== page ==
Roosevelt Sykes

Music Is My Business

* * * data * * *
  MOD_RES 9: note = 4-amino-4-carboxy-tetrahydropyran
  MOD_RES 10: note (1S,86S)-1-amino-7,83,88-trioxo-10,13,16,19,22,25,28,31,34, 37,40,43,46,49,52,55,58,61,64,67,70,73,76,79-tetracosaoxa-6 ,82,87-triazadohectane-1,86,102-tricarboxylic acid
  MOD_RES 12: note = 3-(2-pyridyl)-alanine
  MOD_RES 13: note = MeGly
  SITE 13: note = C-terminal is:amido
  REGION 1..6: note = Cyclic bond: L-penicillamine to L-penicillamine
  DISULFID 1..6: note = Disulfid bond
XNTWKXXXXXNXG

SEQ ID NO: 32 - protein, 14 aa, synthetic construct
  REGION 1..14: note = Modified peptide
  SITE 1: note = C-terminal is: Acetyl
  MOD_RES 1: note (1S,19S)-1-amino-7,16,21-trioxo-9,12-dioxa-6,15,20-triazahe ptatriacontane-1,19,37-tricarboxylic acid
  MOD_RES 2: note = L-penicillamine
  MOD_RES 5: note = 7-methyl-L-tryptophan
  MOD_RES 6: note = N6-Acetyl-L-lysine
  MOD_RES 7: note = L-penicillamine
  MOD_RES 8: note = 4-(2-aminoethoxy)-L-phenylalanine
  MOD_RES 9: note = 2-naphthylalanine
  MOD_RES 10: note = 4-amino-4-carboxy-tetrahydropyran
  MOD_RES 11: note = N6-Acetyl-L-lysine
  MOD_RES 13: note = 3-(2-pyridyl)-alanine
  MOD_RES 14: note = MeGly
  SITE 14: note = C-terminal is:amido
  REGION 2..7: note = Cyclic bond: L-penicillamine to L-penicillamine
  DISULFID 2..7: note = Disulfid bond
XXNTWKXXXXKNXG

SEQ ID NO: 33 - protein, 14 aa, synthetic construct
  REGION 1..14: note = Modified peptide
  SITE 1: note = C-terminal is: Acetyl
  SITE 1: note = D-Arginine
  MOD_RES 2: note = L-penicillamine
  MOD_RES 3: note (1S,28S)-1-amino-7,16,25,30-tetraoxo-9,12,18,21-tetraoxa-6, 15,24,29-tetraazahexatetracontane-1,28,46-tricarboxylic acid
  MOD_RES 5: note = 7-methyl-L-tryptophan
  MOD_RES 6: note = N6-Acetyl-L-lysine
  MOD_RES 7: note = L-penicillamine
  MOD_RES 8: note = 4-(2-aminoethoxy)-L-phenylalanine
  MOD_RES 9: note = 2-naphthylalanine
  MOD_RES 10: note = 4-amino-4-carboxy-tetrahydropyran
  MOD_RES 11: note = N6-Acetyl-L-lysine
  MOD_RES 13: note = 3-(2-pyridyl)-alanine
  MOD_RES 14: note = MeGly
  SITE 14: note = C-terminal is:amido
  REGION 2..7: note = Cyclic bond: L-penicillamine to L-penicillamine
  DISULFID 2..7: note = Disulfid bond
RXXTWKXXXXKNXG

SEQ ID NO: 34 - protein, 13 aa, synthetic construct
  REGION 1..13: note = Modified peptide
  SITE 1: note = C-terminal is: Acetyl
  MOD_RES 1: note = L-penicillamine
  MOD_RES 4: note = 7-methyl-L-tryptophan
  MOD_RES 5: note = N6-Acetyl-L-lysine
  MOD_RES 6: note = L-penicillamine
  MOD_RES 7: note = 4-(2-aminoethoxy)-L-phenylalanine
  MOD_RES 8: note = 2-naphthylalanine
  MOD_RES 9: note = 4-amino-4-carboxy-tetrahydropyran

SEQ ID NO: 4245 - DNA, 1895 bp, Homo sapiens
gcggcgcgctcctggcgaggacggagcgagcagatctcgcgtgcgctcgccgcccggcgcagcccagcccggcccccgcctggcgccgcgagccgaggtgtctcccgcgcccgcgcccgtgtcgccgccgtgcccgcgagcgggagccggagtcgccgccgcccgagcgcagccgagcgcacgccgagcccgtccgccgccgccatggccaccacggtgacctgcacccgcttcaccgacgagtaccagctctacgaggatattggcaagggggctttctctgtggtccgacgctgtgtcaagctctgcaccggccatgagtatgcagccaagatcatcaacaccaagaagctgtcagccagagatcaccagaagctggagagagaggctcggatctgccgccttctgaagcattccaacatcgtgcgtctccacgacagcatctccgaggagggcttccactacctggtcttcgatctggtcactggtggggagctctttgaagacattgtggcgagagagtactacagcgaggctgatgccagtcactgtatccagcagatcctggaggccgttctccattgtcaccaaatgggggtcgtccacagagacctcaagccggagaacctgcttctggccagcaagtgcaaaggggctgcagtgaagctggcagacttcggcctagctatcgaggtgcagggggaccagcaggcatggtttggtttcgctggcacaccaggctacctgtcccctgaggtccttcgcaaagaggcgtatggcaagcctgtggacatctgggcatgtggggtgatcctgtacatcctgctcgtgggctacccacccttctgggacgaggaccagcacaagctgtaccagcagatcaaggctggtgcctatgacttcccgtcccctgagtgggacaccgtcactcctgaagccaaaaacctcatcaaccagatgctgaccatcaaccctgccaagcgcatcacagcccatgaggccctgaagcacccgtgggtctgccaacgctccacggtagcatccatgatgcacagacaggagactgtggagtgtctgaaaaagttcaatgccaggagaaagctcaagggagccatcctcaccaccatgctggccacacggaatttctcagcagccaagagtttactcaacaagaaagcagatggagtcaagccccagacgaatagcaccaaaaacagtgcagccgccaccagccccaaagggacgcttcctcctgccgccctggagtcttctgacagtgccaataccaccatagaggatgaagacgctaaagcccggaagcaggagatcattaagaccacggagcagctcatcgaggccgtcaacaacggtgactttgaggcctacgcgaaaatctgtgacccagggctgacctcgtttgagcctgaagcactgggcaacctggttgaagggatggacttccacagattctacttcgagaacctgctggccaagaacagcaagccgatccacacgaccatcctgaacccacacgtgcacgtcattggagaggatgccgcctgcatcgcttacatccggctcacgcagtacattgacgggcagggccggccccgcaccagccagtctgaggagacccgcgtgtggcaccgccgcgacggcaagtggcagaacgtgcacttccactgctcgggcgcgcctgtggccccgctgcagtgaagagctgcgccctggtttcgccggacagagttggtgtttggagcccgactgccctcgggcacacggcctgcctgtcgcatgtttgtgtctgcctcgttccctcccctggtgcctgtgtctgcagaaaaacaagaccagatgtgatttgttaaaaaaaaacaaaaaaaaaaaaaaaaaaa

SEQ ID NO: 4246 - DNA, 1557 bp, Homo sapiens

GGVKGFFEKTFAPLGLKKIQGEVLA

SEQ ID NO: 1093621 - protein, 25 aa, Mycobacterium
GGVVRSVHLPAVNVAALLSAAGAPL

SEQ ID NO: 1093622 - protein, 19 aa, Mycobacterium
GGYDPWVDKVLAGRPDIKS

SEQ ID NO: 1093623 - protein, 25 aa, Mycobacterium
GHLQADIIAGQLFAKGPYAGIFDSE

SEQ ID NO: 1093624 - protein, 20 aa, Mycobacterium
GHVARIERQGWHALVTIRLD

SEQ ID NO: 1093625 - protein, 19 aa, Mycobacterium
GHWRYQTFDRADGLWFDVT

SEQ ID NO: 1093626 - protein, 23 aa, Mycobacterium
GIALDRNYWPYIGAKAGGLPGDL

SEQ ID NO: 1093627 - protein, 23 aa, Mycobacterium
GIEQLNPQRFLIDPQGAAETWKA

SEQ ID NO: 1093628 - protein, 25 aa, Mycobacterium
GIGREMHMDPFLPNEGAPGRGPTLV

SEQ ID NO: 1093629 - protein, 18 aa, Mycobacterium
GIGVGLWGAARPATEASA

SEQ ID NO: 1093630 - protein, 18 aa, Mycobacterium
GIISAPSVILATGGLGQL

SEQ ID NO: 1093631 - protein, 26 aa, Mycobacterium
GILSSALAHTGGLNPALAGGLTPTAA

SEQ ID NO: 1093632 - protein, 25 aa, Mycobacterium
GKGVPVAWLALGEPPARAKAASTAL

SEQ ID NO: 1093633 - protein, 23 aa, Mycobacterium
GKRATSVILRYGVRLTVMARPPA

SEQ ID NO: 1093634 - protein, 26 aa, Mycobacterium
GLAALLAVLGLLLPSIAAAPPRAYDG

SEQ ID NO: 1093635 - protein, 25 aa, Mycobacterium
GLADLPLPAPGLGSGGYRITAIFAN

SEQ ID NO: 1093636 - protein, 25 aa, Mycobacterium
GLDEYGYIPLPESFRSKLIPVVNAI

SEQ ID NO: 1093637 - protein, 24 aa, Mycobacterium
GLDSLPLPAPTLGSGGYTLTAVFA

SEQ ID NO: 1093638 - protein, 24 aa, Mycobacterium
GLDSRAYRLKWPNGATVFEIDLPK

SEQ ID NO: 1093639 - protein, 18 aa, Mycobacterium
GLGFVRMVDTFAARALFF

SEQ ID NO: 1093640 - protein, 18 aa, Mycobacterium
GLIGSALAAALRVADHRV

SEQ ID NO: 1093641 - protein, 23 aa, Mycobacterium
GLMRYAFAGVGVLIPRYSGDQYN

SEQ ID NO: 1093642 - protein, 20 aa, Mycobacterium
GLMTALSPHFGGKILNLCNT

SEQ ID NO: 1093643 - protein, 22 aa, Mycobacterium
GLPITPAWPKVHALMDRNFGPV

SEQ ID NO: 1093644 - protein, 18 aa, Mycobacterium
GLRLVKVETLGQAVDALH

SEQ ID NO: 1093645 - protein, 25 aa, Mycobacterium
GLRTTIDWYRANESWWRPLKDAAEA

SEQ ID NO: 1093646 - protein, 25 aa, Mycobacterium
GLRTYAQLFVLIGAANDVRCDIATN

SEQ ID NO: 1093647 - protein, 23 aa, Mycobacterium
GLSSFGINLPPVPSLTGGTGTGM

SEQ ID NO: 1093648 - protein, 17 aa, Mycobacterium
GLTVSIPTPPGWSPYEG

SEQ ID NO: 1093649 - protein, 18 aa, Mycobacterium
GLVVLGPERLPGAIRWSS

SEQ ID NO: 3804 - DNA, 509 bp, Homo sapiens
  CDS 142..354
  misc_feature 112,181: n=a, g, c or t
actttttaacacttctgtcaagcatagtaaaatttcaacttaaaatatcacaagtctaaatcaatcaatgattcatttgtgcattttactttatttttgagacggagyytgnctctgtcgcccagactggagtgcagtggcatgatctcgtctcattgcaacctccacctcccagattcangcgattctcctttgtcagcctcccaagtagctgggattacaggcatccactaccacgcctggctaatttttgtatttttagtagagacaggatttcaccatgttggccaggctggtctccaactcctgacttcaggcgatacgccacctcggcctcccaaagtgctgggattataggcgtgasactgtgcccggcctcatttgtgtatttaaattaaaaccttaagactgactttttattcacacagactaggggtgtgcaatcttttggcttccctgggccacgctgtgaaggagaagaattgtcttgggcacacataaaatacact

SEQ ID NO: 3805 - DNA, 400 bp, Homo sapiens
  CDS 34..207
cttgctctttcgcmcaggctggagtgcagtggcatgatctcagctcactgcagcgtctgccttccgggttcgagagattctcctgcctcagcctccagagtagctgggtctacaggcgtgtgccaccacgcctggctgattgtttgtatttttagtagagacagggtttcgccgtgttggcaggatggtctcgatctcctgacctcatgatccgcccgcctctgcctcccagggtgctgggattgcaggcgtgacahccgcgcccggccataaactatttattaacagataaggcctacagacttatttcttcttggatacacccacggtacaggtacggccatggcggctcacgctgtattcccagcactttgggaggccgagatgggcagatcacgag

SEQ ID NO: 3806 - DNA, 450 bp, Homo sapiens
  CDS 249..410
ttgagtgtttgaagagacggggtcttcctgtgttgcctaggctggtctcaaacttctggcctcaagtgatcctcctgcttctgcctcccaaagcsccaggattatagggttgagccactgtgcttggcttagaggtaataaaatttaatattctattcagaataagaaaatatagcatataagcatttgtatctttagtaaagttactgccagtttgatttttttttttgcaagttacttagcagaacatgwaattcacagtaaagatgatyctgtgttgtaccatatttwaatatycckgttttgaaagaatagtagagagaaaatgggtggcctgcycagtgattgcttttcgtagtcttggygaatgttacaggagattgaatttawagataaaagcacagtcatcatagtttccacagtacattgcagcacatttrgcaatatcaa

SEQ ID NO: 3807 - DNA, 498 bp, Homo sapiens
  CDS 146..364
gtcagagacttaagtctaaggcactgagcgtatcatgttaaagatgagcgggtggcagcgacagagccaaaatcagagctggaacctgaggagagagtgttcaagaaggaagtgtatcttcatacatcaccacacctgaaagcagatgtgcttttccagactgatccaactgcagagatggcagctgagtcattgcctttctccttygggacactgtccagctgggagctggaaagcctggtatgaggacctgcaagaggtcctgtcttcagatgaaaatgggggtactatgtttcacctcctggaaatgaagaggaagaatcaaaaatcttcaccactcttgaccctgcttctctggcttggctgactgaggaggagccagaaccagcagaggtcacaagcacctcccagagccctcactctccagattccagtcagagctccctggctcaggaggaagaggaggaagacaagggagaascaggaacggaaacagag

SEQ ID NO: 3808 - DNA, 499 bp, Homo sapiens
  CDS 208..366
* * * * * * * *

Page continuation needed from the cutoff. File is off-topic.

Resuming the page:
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A barrelhouse piano player whose approach to the blues was full of drive, bounce, and joy, Roosevelt Sykes recorded his signature tune, Lee Green's "44 Blues," at his debut studio date in 1929, which had been arranged for him by St. Louis record shop owner Jesse Johnson. Sykes never looked back, practicing his own brand of joyous boogie piano while spanning the pre- and post-war generations, and he enjoyed a remarkable surge in popularity late in his career, touring the music festivals on several continents and releasing albums. This set, which has been released countless times on several different labels, including Blues Alliance, Blue Labor, Tomato, and Rhino, and now on Fat Possum, was recorded at a session on September 17, 1975, with guitarists Johnny Shines and Louisiana Red, and the harmonica-playing Sugar Blue to help out on some of the tracks. The results, in all honesty, are mixed, but as an example of what it means to put some veteran blues musicians together and cut an album in one day, it's a minor little archival gem. Sykes, unlike many artists, was always best solo, and there are several solo tracks here, all full of the bouncing, buoyant piano playing that made Sykes one of a kind. In the end, it's a fun and interesting set, wherever one picks it up.

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